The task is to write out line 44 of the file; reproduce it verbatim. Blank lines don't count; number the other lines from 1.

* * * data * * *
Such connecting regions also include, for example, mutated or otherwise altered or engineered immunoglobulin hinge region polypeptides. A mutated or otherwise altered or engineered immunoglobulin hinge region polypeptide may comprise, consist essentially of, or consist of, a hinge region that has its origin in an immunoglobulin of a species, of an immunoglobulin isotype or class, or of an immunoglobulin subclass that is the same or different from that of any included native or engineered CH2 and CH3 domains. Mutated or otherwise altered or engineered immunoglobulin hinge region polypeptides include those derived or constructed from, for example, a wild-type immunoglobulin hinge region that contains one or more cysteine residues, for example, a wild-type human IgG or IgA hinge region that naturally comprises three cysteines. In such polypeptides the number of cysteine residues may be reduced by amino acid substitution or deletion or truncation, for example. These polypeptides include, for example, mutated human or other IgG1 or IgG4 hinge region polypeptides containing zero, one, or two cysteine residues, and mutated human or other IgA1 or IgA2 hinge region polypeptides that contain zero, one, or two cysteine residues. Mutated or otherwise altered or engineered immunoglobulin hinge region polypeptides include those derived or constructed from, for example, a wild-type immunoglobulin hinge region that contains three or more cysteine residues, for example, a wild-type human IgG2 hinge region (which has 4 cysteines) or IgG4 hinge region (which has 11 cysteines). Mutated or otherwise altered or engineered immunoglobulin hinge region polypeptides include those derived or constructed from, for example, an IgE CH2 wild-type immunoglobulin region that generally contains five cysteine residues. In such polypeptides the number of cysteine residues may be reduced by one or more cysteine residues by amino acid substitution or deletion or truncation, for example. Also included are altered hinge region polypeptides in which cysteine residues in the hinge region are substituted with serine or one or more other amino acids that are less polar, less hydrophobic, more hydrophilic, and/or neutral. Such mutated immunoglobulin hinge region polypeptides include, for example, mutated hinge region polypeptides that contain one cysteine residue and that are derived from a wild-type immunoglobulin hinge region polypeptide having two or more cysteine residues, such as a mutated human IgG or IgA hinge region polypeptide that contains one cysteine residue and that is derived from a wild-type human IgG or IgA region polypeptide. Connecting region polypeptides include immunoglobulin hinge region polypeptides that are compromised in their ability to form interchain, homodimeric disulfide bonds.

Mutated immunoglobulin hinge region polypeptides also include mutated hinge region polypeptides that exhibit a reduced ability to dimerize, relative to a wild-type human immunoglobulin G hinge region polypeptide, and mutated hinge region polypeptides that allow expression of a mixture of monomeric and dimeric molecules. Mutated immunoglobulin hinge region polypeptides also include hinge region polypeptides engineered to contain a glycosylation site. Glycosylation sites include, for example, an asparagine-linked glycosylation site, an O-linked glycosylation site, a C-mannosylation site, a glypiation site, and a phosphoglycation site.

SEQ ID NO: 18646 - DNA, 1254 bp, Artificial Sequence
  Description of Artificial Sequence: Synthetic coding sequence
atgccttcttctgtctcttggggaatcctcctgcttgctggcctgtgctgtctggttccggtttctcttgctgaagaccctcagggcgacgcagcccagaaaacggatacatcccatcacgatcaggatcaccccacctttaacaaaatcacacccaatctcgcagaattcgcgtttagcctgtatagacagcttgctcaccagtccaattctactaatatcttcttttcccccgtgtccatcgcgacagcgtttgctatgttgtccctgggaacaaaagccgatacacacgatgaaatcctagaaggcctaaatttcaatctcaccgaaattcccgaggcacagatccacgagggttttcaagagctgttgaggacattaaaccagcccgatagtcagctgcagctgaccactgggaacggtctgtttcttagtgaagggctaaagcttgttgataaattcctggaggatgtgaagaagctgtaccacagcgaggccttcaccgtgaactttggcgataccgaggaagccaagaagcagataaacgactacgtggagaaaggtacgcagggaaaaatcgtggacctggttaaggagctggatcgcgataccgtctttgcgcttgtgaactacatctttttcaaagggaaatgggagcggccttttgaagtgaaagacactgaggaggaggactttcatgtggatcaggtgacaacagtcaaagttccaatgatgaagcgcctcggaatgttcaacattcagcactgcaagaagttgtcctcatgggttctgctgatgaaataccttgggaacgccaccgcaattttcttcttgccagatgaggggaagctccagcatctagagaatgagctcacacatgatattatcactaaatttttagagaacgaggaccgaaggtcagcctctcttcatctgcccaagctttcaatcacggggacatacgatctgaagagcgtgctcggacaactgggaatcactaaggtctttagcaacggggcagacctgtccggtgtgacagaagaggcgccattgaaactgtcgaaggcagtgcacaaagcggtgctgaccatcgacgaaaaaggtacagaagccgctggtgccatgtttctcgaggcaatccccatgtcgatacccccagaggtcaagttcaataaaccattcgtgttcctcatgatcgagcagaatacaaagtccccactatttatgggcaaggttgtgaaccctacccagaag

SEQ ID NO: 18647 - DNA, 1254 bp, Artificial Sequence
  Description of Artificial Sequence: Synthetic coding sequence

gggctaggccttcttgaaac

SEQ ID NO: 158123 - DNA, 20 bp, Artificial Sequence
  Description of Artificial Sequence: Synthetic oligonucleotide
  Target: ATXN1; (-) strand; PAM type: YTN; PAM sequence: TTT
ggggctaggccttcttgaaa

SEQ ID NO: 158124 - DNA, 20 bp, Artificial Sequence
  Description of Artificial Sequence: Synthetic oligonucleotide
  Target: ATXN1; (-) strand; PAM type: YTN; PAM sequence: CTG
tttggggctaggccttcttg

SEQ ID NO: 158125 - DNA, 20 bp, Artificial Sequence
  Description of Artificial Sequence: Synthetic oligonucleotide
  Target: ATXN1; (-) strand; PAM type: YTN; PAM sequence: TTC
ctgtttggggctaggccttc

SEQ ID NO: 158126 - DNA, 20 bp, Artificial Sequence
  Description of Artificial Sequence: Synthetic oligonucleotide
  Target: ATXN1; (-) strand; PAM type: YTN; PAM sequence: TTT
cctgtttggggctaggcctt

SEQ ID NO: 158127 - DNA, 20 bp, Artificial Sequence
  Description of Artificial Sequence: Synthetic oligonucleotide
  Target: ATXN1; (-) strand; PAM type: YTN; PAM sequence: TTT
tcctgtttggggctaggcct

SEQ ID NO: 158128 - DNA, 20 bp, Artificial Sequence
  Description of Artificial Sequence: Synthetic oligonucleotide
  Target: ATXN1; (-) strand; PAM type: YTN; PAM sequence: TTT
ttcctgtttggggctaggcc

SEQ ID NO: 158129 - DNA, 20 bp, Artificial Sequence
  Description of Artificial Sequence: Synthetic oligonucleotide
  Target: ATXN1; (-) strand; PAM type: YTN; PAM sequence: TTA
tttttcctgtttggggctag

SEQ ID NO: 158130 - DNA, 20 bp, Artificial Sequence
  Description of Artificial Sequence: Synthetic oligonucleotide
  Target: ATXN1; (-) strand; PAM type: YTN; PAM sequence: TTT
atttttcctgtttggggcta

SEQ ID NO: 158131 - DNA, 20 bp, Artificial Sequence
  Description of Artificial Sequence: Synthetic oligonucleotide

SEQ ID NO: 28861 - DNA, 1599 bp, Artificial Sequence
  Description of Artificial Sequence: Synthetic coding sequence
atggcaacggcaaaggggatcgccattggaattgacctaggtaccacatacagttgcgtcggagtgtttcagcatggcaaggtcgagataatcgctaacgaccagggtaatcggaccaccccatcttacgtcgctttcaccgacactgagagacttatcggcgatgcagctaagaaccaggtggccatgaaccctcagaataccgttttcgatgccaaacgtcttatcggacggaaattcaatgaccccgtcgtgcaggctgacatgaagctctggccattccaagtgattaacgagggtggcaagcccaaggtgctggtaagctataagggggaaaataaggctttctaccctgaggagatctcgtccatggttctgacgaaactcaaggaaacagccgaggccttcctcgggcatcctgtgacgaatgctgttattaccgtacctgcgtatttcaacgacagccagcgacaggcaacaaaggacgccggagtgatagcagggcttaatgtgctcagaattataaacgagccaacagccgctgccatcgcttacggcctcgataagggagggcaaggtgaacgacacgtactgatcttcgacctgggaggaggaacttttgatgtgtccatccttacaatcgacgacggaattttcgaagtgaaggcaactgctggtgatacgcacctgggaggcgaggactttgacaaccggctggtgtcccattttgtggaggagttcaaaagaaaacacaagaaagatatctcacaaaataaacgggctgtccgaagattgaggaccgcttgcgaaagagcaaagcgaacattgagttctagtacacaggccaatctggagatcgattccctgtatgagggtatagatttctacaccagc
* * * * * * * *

  Description of Artificial Sequence: Synthetic coding sequence